This documentation describes how operating system backdoors can be created using the MSFvenom framework and what the attacker can do once he/she gains access to the victim machine. This particular attack takes advantage of the fact that the Windows 7 firewall by design only inspects the incoming traffic while the outgoing traffic is pretty much ignored. With this in mind one can create a reverse TCP payload, open a particular port and let the victim connect to that open port.
MSFvenom is an easily manageable framework that can be used to quickly create Metasploit payloads.
Devices: 2 devices --> 1 running Kali Linux (attacker) and 1 running Windows 7 (victim)
1. On Kali Linux we will open up a new shell and create a reverse TCP payload with the help of MSFvenom in one single line: msfvenom -p windows/meterpreter/reverse_tcp LHOST=192.168.0.134 LPORT=6565 -f exe -o backdoor.exe. With -p we specify which type of payload we want to create, LHOST and LPORT are basically the IP address and the port that we will open for our victim to connect to. -f exe specifies that the created payload is an executable file and -o specifies the name under which the file should be saved.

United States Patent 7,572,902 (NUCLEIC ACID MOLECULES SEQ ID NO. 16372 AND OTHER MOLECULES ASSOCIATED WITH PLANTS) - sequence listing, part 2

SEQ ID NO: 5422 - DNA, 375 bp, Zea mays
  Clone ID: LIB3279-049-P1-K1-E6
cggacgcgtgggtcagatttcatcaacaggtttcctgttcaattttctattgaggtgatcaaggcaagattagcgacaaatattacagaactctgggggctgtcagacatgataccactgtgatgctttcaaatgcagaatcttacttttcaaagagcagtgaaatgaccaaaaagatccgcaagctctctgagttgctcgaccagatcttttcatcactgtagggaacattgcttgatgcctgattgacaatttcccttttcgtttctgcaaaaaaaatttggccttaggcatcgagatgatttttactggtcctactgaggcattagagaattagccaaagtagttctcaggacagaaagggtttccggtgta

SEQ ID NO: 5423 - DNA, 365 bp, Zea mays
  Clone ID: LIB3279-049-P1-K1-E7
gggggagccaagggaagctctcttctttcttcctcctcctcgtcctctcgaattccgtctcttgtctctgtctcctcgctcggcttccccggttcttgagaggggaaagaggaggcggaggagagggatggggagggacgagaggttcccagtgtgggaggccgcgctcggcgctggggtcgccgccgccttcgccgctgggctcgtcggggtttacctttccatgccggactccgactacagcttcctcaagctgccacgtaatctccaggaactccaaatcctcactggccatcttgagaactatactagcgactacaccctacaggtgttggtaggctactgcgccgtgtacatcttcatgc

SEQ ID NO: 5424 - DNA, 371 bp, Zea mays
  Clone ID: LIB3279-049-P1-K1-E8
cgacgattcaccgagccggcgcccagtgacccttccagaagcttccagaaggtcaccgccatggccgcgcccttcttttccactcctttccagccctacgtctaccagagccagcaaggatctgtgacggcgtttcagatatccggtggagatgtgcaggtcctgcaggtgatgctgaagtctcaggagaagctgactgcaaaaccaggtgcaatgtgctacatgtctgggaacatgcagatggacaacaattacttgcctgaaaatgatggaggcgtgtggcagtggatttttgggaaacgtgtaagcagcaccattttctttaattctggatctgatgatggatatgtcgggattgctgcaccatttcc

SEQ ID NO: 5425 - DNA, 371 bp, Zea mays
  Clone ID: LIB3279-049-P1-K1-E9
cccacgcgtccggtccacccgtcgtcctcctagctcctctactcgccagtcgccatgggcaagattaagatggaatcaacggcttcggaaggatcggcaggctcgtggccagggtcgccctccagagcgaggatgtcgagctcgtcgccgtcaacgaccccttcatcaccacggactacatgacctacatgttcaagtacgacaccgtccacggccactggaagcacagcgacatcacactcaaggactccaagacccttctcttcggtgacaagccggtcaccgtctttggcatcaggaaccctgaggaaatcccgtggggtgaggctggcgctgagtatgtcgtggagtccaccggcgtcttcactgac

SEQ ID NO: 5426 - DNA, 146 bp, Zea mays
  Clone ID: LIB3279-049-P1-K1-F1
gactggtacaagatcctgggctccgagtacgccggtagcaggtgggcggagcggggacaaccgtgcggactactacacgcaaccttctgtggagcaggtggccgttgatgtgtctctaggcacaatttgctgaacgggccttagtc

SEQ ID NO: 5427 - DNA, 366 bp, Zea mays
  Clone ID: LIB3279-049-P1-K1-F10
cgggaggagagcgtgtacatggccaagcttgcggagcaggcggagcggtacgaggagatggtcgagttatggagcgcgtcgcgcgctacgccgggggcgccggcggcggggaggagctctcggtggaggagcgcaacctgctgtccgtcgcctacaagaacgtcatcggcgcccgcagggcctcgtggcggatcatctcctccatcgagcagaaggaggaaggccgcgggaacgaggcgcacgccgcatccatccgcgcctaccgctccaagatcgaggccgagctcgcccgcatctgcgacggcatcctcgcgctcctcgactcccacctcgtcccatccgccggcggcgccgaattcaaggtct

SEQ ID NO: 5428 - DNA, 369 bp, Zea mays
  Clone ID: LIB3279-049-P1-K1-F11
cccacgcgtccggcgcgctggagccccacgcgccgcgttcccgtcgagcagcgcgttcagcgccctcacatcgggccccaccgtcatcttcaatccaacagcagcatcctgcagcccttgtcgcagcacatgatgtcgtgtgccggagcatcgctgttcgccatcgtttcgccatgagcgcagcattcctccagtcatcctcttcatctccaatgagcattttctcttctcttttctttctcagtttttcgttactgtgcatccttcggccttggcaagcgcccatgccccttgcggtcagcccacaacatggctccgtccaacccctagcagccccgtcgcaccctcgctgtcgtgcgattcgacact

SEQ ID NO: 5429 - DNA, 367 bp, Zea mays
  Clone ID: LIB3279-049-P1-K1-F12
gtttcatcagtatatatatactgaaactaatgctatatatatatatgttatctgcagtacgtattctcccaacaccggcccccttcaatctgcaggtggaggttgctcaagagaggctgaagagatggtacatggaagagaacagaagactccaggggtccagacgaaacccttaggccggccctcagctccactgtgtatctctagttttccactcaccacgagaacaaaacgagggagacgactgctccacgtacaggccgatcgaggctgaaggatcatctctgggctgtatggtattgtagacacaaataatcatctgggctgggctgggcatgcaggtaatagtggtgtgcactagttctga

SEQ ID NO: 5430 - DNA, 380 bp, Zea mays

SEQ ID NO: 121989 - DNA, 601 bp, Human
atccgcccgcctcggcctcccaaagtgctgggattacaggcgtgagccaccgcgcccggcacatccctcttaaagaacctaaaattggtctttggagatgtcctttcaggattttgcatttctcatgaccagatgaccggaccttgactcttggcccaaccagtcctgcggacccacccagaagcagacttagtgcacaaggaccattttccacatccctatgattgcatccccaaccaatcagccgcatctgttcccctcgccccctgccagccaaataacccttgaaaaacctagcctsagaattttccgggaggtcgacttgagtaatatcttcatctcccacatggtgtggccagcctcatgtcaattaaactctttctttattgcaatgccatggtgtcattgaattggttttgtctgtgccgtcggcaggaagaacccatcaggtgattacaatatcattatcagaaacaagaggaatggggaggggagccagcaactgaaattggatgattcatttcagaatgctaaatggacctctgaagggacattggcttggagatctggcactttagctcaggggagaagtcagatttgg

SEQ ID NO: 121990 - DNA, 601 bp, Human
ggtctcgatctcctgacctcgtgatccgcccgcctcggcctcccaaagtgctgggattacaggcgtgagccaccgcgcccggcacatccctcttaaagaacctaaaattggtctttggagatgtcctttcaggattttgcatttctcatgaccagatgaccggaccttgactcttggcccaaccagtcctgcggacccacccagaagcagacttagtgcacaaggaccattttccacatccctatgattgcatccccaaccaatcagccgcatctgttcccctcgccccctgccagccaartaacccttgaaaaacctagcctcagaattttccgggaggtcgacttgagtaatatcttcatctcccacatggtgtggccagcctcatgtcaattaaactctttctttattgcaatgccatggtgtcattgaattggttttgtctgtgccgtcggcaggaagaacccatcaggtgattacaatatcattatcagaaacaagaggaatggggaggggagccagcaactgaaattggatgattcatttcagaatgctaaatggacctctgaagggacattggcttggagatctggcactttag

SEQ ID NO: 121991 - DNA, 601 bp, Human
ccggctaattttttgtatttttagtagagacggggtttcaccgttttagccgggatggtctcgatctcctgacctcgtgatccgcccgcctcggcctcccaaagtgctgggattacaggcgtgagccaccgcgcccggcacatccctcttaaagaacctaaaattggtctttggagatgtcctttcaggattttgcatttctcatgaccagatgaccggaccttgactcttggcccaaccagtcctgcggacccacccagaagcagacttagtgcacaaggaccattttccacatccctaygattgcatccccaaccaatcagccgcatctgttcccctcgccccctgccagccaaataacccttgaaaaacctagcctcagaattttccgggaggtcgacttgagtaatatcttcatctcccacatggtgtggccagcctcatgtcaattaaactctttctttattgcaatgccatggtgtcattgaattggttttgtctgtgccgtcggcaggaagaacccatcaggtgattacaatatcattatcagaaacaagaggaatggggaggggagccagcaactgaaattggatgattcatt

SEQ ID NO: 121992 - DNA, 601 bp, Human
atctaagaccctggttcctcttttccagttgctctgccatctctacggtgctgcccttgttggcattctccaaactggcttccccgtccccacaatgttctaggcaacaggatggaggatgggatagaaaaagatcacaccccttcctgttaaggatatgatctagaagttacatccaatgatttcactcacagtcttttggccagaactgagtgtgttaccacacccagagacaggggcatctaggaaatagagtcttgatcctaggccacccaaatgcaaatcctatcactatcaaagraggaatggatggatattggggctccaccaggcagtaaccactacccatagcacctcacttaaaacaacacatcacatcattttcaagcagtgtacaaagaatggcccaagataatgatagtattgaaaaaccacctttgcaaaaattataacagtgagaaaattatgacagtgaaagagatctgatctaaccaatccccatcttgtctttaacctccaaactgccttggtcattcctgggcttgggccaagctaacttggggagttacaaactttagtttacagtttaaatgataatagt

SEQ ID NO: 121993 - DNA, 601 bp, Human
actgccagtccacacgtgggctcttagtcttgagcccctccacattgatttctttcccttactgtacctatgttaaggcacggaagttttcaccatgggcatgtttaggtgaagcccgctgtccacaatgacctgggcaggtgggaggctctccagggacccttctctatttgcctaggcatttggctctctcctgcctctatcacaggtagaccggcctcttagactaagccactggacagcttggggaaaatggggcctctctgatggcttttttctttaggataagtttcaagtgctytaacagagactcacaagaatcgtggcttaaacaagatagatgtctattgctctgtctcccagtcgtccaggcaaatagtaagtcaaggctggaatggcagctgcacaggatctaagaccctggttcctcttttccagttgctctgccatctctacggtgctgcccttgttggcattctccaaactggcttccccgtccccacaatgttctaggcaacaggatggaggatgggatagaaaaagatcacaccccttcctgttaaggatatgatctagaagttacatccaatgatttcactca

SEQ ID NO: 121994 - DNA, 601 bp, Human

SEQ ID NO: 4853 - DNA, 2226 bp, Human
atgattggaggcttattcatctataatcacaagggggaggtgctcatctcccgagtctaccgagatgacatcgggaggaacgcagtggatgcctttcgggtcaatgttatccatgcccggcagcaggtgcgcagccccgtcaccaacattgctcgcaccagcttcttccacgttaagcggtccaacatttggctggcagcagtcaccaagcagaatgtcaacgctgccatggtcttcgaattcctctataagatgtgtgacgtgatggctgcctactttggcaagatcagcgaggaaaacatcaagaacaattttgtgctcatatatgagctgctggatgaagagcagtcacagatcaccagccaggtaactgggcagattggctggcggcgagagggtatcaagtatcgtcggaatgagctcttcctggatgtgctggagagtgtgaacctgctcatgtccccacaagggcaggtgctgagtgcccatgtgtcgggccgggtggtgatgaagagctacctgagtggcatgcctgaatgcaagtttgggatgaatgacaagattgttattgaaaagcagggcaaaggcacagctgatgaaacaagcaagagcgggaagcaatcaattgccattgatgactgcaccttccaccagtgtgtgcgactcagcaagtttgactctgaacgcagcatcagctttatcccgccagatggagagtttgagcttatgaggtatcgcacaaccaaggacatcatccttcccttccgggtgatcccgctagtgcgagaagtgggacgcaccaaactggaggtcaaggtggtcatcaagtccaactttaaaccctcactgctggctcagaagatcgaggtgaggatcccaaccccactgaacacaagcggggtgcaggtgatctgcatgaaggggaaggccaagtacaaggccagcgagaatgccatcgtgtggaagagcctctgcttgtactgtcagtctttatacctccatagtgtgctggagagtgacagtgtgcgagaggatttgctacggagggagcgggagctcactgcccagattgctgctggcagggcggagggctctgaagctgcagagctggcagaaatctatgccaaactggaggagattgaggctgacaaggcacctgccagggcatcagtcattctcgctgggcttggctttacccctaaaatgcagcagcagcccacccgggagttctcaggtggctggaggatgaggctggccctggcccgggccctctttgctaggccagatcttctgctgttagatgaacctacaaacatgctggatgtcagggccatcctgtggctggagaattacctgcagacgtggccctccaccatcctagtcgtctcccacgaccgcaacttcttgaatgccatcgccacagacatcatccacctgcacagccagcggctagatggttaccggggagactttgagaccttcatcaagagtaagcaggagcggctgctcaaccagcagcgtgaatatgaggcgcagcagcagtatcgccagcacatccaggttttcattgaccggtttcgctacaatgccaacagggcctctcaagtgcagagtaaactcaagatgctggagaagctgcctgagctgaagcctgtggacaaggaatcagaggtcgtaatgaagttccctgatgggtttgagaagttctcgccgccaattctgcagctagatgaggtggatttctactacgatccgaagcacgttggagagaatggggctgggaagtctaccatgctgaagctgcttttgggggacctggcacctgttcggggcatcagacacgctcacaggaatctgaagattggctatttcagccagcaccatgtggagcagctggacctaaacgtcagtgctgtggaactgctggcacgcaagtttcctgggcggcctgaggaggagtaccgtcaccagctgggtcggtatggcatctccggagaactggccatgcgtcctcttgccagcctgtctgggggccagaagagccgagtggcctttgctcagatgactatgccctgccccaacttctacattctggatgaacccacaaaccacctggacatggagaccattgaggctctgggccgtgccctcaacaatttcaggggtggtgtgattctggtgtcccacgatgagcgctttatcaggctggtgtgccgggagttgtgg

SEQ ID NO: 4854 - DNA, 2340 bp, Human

2. The next step is the hardest challenge and that would be to transfer the backdoor to the victim machine. This can be done in many ways (most often it is done by different social engineering toolkits) but for the sake of simplicity, you can use a USB.
3. Before executing the backdoor file on the victim machine, we need to setup a listener that will listen for connections on a particular port. We will use metasploit to create the listener just like on the photo below:
4. After the victim has executed the file, the following will appear:
5. Now the attacker has complete access to the victim machine and can start exploiting it. A very trivial example can be seen in the following figure. Here, the basic calculator program is started and subsequently a screenshot is taken: